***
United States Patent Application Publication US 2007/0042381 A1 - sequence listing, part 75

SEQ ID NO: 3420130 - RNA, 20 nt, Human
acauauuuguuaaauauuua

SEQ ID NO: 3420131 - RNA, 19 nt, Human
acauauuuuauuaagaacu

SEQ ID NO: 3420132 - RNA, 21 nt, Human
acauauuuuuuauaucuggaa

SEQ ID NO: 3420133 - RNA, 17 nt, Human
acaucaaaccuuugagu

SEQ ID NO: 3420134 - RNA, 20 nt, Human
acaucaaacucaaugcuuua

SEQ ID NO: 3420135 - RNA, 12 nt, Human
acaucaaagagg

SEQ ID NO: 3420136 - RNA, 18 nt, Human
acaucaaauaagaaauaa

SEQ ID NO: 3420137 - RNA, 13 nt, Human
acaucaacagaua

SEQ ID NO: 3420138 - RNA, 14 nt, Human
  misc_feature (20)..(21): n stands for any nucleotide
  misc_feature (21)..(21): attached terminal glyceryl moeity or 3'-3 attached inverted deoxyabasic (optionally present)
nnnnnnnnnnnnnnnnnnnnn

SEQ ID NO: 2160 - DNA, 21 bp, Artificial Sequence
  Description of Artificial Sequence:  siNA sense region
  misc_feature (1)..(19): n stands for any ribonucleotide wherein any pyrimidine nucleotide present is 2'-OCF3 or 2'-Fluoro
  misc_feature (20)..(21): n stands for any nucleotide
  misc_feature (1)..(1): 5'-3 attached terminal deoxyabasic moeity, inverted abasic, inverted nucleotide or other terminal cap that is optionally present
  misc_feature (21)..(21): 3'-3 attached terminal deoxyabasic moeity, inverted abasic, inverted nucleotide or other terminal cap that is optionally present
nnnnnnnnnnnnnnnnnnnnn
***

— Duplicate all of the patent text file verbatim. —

United States Patent Application Publication US 2007/0042381 A1 - sequence listing, part 75

SEQ ID NO: 3420130 - RNA, 20 nt, Human
acauauuuguuaaauauuua

SEQ ID NO: 3420131 - RNA, 19 nt, Human
acauauuuuauuaagaacu

SEQ ID NO: 3420132 - RNA, 21 nt, Human
acauauuuuuuauaucuggaa

SEQ ID NO: 3420133 - RNA, 17 nt, Human
acaucaaaccuuugagu

SEQ ID NO: 3420134 - RNA, 20 nt, Human
acaucaaacucaaugcuuua

SEQ ID NO: 3420135 - RNA, 12 nt, Human
acaucaaagagg

SEQ ID NO: 3420136 - RNA, 18 nt, Human
acaucaaauaagaaauaa

SEQ ID NO: 3420137 - RNA, 13 nt, Human
acaucaacagaua

SEQ ID NO: 3420138 - RNA, 14 nt, Human
  misc_feature (20)..(21): n stands for any nucleotide
  misc_feature (21)..(21): attached terminal glyceryl moeity or 3'-3 attached inverted deoxyabasic (optionally present)
nnnnnnnnnnnnnnnnnnnnn

SEQ ID NO: 2160 - DNA, 21 bp, Artificial Sequence
  Description of Artificial Sequence:  siNA sense region
  misc_feature (1)..(19): n stands for any ribonucleotide wherein any pyrimidine nucleotide present is 2'-OCF3 or 2'-Fluoro
  misc_feature (20)..(21): n stands for any nucleotide
  misc_feature (1)..(1): 5'-3 attached terminal deoxyabasic moeity, inverted abasic, inverted nucleotide or other terminal cap that is optionally present
  misc_feature (21)..(21): 3'-3 attached terminal deoxyabasic moeity, inverted abasic, inverted nucleotide or other terminal cap that is optionally present
nnnnnnnnnnnnnnnnnnnnn